In some cases, a literature source of thermodynamic data may exist, allowing one to perform the conversion. Fortunately, standard references (such as Refs. 168 and 180) frequently tabulate both the condensed and gas phase thermochemistry values. When that is not the case, the following relations may be used, where the enthalpies and entropies of vaporization and fusion must be at 25 °C [Pg.200]

It often happens that we do not know the standard entropies of vapour and condensed phase, and in such cases we may, for approximate calculations, employ an empirical rule to estimate the value of A s at atmospheric pressure. The most important of these is Tronton s rule, which states that the entropy of vaporization at the normal boihng point i.e. when liquid and vapour co-exist at 1 atm. pressure) has a value of about 20 cal./deg. mole. Thus [Pg.198]

Use the Third Law to calculate the standard entropy, S°nV of quinoline (g) p — 0.101325 MPa) at T= 298,15 K. (You may assume that the effects of pressure on all of the condensed phases are negligible, and that the vapor may be treated as an ideal gas at a pressure of 0.0112 kPa, the vapor pressure of quinoline at 298.15 K.) (c) Statistical mechanical calculations have been performed on this molecule and yield a value for 5 of quinoline gas at 298.15 K of 344 J K l mol 1. Assuming an uncertainty of about 1 j K 1-mol 1 for both your calculation in part (b) and the statistical calculation, discuss the agreement of the calorimetric value with the statistical [Pg.198]

For areal gas or for a condensed phase, (9 V/9T)p is the thermal expansion coefficient of the material at constant pressure, a measurable quantity, so entropy variations with pressure can be easily calculated. (dV/9T)p is very small for condensed phases, and entropy is hardly sensitive to pressure variations in liquids and solids. In any case, the standard entropy is defined as the entropy at unit pressure (usually 1 atm, but sometimes also 1 bar). For a reversible process in which only F-V work is exchanged. [Pg.182]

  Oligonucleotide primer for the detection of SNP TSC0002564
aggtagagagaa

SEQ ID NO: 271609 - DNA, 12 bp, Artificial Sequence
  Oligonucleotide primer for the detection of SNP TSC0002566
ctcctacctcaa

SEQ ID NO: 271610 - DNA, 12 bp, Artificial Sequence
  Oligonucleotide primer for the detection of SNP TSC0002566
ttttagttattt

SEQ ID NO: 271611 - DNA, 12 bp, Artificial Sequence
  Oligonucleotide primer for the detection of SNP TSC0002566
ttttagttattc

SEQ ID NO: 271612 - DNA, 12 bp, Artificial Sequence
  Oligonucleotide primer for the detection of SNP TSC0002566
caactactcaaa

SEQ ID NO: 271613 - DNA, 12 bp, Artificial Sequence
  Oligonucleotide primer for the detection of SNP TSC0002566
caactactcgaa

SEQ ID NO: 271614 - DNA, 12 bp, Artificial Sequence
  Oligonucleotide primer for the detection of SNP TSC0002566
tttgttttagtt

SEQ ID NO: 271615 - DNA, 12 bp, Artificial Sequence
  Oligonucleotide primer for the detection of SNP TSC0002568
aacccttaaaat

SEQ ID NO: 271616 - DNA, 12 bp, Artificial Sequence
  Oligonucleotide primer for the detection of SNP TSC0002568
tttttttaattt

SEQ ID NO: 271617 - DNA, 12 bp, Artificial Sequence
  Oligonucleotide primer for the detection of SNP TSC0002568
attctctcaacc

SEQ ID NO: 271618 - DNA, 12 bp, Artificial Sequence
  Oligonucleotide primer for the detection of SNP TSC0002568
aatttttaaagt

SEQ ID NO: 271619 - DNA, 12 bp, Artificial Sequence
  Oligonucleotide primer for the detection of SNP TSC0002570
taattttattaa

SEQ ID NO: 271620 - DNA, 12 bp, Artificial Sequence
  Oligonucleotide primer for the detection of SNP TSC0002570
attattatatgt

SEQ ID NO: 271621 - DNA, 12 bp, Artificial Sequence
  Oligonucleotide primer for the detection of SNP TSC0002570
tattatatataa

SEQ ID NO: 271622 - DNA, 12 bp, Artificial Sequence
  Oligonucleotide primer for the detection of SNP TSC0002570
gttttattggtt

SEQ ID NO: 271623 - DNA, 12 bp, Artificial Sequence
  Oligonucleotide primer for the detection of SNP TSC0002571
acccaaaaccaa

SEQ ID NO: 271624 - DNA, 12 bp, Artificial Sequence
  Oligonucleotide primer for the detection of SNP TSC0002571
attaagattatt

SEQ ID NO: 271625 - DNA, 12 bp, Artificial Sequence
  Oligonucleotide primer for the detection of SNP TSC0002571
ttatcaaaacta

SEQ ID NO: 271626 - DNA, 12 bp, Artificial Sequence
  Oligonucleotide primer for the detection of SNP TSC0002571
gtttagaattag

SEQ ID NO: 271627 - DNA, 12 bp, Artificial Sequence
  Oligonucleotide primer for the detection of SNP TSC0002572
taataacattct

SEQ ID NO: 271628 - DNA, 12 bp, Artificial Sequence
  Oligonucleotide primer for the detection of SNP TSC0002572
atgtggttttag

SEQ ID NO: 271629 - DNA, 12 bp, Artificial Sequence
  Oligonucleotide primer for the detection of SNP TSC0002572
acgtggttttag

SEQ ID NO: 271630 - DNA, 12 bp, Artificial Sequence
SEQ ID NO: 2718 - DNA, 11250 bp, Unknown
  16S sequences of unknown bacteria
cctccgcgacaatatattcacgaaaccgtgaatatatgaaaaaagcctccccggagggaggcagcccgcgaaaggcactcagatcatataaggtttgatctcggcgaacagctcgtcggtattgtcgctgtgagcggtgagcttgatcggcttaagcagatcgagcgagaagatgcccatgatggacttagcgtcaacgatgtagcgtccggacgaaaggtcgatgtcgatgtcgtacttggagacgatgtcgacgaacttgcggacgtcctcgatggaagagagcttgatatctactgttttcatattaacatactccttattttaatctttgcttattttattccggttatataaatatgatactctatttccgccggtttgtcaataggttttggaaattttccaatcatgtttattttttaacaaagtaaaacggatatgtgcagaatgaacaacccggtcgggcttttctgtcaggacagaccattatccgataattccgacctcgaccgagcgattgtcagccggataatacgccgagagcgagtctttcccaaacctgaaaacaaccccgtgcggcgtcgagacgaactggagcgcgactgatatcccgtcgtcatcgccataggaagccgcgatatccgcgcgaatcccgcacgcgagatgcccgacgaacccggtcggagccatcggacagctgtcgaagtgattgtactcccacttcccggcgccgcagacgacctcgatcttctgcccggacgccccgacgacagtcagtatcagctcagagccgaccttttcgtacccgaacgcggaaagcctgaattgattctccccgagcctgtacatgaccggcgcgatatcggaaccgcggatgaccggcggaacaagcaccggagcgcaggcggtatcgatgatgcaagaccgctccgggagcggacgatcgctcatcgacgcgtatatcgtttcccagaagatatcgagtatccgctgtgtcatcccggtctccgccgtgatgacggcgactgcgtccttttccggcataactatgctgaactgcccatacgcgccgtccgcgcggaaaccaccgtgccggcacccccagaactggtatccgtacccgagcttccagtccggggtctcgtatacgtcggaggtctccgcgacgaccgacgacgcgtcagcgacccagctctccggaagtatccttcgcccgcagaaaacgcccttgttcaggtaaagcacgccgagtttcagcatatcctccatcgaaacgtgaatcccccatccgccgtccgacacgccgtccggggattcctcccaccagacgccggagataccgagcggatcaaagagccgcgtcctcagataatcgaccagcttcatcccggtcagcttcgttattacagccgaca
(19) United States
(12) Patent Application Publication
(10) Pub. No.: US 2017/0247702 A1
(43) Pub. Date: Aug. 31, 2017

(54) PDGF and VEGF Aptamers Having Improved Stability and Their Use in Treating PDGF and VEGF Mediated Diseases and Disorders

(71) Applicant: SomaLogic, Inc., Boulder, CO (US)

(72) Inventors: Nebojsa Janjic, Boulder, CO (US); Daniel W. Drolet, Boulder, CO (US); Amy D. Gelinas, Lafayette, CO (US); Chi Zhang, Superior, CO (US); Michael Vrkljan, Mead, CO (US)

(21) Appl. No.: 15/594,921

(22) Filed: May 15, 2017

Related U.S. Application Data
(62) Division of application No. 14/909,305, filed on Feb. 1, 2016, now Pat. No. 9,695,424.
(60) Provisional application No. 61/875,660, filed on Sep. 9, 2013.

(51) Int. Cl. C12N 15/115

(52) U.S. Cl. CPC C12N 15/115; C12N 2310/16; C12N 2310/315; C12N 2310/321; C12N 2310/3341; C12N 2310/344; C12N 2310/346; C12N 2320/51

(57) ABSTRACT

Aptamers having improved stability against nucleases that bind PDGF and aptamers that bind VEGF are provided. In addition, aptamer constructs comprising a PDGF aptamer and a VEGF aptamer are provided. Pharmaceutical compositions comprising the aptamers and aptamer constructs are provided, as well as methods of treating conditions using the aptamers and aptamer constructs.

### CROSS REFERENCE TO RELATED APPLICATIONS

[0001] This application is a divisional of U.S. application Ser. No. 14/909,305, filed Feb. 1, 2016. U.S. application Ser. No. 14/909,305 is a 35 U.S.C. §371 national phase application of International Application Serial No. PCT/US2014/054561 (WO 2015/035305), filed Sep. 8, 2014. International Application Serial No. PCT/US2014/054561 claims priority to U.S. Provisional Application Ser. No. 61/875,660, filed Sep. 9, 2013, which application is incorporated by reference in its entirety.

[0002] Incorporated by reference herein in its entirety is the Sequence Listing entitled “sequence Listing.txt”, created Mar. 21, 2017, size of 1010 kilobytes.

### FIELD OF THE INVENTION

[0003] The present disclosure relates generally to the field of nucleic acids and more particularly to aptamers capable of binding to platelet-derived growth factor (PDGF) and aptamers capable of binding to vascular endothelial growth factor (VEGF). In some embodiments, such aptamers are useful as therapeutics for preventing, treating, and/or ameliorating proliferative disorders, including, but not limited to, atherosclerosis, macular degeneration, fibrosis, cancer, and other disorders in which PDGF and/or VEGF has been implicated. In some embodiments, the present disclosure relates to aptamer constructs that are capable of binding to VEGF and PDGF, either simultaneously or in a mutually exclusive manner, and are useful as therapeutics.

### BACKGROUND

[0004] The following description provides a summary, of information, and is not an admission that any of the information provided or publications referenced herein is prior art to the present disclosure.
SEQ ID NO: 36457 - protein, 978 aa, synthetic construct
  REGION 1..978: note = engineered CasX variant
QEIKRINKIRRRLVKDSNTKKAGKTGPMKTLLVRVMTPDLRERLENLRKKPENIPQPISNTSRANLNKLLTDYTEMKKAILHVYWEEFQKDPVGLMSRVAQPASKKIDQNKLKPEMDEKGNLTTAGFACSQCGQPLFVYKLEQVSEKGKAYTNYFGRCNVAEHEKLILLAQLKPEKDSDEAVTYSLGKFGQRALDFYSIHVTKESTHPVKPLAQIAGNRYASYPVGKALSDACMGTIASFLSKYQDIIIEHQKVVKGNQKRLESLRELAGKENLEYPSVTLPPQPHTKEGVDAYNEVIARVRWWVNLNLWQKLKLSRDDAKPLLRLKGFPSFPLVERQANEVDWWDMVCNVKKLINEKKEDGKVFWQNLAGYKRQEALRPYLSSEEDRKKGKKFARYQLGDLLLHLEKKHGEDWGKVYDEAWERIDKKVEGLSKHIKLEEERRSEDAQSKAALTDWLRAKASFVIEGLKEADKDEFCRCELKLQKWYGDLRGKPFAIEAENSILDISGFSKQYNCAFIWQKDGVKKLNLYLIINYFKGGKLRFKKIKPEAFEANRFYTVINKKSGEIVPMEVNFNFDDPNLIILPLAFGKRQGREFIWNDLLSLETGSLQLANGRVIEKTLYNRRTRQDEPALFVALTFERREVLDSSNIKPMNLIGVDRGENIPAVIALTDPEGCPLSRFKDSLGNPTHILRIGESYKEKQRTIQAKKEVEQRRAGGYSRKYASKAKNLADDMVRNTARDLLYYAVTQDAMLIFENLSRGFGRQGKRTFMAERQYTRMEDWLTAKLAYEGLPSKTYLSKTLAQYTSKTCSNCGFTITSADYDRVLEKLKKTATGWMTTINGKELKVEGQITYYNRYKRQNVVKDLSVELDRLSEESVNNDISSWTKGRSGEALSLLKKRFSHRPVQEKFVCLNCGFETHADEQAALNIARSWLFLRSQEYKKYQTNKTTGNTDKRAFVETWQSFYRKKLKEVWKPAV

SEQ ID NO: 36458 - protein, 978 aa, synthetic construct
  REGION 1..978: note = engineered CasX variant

Here, k(is the rate constant vk the stoichiometric coefficients of the kth component in the ith reaction of reagents and products, correspondingly A, the equilibrium constants the number of sites occupied by surface substance j of condensed phase n F," the surface site density in the th phase standard state and hk and sk the enthalpy and the entropy of the Arth substance. [Pg.490]

The reaction and activation free energies (AG, AG at 298 K and 1 atm) were evaluated for standard conditions using computed harmonic frequencies. In the study of monomer association and displacement events of the co-oUgomer-ization reaction, a process that occurs in the Uquid phase [5b], the solvation entropy for monomer complexation was approximated as being half of its gas-phase value. This is considered as a rehable estimate of the entropy contribution in condensed phase [13aj. [Pg.194]

Another valuable source is the thermochemical property database assembled by Burcat and Ruscic [29], which is available online at ftp // ftp.technion.ac.il/pub/supported/aetdd/thermodynamics/. This collection is regularly updated by Prof. Burcat. It contains data for 1500 species, presented in the form of polynomial coefficients that can be used to compute the enthalpy, entropy, and heat capacity as a function of temperature. While Burcat s tables include a number of aluminum-oxygen compounds, they do not happen to include the aluminum-chlorine species that we have been using as an example. Of course, there are many other handbooks and compilations of thermodynamic properties. However, the vast majority of these focus on organic compounds and/or condensed phase species. Standard handbooks, such as the CRC Handbook of Chemistry and Physics, rarely have any information not included in the sources cited above. [Pg.201]

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